Bringing Baby Home
Arriving home with a newborn and no midwife standing by to help or encourage you can be daunting. You may find you can’t take your eyes off your newborn and burst into tears for no good reason. Your breasts leak and you can’t sleep despite being exhausted. Don’t worry it’s all normal. Surviving the first weeks at home requires a calm attitude.
Expectations and Support
If you have been a person that is always in control you may need to relax a little, as the first few weeks are going to feel out of control. Go with it – there is plenty of time to sort things out later.
Don’t be a martyr – accept any help that is offered to you by close friends and family and know that accepting this help is not a sign of weakness, but a sign of strength. It’s all about surviving the madness, however you can.
Surviving the first weeks at home requires a calm attitude, not perfected parenting skills. Get your partner involved with changing nappies, burping, settling and bathing as soon as you can.
Crying is your newborns first form of communication. They will cry for hunger, discomfort, tiredness, in pain and needing a comforting cuddle. You may learn which cry means what after a while.
To begin with, your baby will need milk feeds every three to four hours during the day and overnight. This will lead to the need for frequent nappy changes and a bath every day or two.
During the first few weeks your newborn will need 16-18 hours sleep in 24 hours for growth and development. They will not be awake for very long – usually just enough for a feed, burp and nappy change. The length and what your baby does during this wake time will change as they get older.
While all babies will be slightly different, newborns will roughly sleep for an hour or two at a time during the day and longer stretches at night – unless they have their nights and days around the wrong way.
The key to surviving the first weeks at home with your newborn is to relax. Getting your baby regularly checked by a health care professional will give you confidence to see that what you are doing is right.
Visits will also give you the opportunity to ask any questions.
You are not going to get everything right straight away but there’s plenty of time to learn – parenting is something that is picked up over a lifetime.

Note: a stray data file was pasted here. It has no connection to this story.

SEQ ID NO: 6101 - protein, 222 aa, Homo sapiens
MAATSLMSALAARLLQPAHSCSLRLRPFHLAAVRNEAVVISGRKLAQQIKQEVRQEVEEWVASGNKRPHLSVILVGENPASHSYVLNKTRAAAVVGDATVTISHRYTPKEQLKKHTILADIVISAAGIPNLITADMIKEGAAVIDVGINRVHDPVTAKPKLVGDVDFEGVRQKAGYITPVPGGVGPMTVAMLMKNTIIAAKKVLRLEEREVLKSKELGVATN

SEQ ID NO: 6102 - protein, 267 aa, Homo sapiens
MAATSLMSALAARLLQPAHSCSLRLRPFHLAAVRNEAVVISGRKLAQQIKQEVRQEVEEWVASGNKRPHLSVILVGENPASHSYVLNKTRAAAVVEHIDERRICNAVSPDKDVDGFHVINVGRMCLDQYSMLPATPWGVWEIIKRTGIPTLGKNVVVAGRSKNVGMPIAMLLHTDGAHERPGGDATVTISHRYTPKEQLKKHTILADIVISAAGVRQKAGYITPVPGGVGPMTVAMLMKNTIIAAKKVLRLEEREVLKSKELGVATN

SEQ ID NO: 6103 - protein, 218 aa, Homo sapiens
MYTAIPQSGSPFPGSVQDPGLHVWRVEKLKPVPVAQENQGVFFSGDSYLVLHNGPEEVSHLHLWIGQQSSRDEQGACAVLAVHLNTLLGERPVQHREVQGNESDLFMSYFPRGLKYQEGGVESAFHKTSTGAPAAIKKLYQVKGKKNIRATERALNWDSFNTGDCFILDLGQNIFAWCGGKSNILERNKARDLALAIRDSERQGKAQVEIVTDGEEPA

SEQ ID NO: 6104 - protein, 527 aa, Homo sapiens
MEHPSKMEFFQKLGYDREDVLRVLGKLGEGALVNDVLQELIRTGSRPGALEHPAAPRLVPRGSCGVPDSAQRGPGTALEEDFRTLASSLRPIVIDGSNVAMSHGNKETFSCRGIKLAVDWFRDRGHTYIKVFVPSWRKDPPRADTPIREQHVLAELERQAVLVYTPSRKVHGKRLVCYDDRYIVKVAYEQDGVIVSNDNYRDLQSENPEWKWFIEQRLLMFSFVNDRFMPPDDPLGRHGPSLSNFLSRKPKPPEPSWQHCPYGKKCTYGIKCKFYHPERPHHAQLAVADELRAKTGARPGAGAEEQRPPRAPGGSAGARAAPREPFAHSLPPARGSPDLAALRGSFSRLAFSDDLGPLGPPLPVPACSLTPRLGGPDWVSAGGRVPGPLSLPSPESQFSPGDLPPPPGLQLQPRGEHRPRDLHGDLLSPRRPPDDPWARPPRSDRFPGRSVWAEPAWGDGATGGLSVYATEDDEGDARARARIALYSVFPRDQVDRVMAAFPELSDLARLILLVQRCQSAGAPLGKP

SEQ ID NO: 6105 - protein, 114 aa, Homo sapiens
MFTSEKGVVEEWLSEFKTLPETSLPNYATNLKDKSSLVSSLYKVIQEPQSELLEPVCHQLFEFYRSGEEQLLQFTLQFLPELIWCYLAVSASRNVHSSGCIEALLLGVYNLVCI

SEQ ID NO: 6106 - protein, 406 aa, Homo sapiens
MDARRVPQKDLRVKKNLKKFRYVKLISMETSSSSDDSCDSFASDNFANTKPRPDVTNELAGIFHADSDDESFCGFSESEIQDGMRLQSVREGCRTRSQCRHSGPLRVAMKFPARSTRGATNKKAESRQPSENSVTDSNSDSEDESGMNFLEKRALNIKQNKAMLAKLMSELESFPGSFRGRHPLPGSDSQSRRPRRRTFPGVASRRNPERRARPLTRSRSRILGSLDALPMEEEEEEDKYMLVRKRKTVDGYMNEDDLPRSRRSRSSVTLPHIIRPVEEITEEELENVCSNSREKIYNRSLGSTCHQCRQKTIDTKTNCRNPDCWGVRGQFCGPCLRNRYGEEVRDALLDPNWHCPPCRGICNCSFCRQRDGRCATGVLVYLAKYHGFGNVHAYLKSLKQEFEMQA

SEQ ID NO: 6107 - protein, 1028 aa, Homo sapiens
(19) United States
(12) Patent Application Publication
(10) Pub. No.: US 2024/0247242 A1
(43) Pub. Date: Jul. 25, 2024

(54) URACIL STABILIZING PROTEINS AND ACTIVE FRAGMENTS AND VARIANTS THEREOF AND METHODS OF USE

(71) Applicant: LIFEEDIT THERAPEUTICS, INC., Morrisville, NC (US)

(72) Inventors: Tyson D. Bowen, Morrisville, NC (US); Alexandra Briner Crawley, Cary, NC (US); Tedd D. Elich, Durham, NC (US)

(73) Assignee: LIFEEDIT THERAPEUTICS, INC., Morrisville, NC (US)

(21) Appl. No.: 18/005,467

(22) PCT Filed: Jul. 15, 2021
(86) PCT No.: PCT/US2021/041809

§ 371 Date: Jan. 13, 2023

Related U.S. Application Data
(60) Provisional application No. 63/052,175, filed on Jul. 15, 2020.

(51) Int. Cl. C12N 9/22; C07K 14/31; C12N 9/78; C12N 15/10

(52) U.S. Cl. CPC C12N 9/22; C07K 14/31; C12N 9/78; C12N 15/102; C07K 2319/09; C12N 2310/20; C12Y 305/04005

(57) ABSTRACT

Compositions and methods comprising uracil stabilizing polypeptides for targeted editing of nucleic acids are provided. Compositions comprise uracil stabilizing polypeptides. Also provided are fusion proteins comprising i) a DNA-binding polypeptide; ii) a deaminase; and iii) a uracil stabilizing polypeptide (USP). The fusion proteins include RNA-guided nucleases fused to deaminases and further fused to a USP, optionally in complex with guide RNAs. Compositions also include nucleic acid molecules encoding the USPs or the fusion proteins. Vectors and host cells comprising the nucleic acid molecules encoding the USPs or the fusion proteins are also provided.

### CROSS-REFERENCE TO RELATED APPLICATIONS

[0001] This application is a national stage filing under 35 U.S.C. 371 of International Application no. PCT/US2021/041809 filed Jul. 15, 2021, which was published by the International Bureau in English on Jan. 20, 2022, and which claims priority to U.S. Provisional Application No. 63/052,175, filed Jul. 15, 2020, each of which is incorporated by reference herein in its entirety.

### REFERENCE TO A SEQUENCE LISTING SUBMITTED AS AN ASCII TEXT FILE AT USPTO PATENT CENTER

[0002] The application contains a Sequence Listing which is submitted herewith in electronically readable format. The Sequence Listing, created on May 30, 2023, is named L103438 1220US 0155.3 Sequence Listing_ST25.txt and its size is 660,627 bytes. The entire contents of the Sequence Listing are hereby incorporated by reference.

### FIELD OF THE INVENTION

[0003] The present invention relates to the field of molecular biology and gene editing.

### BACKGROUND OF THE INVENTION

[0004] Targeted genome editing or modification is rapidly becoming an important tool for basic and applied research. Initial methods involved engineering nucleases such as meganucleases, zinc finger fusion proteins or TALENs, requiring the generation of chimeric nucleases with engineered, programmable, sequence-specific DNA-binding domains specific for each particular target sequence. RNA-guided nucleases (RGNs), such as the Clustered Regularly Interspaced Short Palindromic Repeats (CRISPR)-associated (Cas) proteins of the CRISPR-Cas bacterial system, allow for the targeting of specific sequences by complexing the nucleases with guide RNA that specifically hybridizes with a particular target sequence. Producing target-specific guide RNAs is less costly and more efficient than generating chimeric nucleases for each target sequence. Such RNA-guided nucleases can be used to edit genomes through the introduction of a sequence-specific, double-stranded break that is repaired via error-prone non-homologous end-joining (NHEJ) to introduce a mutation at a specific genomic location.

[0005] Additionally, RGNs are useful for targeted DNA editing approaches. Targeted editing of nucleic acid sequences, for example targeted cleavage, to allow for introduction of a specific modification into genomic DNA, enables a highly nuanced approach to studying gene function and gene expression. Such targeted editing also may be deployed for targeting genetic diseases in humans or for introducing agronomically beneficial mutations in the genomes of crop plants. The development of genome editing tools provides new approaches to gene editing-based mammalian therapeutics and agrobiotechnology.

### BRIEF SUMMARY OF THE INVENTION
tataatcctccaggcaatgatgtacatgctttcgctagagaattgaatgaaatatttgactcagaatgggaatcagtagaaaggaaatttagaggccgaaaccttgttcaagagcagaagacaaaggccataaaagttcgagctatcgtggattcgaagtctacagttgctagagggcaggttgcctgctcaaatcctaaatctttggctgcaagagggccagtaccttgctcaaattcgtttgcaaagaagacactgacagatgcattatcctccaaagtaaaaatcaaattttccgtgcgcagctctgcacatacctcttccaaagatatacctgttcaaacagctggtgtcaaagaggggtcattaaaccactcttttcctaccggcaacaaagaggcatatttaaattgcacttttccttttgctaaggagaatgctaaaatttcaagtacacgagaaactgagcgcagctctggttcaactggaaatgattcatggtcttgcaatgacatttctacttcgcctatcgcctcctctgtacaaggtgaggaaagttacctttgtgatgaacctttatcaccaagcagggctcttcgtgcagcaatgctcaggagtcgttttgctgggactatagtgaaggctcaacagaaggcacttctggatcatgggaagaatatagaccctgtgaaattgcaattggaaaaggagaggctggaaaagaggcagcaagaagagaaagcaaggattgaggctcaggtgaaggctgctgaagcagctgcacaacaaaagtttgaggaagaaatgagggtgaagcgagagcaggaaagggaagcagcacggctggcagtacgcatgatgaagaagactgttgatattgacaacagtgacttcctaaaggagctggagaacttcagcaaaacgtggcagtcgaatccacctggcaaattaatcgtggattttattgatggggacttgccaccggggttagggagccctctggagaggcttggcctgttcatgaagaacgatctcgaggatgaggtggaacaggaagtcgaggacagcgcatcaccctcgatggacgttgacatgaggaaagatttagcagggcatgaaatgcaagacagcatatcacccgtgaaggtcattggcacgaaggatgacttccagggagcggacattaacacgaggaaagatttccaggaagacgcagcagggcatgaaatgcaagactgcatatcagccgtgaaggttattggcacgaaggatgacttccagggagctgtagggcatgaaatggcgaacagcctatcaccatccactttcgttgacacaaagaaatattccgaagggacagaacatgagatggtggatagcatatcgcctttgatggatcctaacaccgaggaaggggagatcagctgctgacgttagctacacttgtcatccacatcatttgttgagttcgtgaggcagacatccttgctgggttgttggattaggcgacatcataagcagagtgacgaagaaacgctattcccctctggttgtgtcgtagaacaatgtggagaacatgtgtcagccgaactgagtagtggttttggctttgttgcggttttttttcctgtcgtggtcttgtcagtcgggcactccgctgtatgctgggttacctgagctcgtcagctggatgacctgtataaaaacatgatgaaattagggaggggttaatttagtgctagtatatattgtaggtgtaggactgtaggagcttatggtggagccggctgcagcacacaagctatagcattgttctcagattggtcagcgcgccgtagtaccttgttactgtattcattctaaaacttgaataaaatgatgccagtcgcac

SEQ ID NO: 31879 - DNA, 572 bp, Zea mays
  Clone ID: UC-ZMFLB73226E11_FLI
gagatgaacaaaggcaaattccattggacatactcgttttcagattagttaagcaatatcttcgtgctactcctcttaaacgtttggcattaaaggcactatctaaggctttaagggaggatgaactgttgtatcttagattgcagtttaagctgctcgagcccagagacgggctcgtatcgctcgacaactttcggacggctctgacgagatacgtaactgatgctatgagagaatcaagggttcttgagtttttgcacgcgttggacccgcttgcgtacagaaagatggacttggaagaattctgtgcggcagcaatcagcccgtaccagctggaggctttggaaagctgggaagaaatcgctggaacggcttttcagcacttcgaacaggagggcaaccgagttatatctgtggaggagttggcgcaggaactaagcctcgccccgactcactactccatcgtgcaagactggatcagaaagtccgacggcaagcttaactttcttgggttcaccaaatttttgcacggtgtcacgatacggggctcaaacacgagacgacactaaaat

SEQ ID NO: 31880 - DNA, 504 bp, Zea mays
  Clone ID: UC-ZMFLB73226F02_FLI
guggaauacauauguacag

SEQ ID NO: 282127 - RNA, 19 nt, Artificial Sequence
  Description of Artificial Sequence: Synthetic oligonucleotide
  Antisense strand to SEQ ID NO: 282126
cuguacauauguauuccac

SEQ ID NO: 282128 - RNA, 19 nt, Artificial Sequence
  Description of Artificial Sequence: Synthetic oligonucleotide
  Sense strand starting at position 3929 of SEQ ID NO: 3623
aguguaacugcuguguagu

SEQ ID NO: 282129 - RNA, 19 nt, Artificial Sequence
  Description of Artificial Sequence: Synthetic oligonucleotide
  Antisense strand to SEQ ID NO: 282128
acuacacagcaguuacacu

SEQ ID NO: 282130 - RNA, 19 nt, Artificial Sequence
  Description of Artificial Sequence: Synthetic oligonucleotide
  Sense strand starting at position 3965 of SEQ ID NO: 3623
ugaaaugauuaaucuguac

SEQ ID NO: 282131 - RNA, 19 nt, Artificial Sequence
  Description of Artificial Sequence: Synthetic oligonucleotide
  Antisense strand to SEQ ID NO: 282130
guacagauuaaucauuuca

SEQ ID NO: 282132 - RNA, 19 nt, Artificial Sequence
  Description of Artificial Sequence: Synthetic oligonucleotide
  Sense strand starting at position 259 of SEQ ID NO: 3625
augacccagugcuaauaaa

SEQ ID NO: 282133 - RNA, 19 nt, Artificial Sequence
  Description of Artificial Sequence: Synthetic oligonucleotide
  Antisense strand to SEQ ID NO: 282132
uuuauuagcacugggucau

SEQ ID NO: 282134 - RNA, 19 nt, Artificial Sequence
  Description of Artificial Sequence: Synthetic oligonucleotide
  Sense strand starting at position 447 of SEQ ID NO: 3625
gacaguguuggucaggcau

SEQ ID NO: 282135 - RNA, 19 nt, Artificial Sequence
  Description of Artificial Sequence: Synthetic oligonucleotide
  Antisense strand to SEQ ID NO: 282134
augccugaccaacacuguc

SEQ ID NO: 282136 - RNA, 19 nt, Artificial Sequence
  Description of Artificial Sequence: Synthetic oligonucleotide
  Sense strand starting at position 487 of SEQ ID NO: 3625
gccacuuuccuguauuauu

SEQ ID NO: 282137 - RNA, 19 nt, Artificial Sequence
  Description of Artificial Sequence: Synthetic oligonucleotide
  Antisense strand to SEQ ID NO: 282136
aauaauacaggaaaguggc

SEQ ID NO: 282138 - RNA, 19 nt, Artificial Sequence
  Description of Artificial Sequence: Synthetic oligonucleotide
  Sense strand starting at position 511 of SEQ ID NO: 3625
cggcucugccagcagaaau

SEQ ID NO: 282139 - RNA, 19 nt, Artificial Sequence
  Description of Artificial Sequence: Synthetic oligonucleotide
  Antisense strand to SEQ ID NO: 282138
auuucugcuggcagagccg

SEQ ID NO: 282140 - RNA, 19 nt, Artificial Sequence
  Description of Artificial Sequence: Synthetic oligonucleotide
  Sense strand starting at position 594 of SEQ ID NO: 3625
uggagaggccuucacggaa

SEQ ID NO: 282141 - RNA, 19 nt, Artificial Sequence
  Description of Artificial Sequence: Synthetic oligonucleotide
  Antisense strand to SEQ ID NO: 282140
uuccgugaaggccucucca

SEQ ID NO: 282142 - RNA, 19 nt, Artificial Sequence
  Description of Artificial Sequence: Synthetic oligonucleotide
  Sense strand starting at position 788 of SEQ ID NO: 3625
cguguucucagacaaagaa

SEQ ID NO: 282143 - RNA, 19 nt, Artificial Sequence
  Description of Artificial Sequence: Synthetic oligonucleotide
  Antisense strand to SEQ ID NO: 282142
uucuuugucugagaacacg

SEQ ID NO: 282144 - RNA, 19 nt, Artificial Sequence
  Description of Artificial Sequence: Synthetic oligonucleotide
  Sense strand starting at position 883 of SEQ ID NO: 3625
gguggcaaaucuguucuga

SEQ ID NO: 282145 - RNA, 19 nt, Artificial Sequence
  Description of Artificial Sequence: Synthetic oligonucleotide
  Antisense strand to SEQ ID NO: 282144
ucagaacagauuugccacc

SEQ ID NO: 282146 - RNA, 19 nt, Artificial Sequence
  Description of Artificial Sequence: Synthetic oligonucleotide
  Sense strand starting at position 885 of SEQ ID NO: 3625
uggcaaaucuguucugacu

A routine is a sequence of activities. In the early days you and your baby won’t know what sequence to do things in, so for the first few weeks just relax and go with the flow of what your baby wants.
That involves sleep; a comforting breast feed, cuddles, and cares such as nappy changing, bathing and warmth.
After a few weeks your baby can be encouraged into a more specific feed and sleep sequence.
Routines are a great guide to follow but try not to get yourself bent out of shape if your baby does not conform to your plan every day. The best plan becomes the one that works for your family. Your baby is developing new skills everyday but there can be reasons preventing your baby from eating and sleeping well such as birth trauma, environment, intolerances and reflux. Seek professional advice early if your baby is not comfortable and settled. In the early months try and stay calm and relaxed – your baby mimics your mood.
As your baby gets older the sequences remain similar but the type of feed, type of play and length of sleep varies.
Baby Health Checks
It is advisable to see a child health nurse or general practitioner a few times during your baby’s first six weeks of life – weekly if you can manage it. It is important to know that your baby is growing and progressing appropriately and if not, an assessment of why not is carried out and managed. As your baby gets older these visits can be fortnightly, monthly and three monthly unless otherwise advised.
How you space visits can also depend on what support you feel you need to confidently care for your baby.
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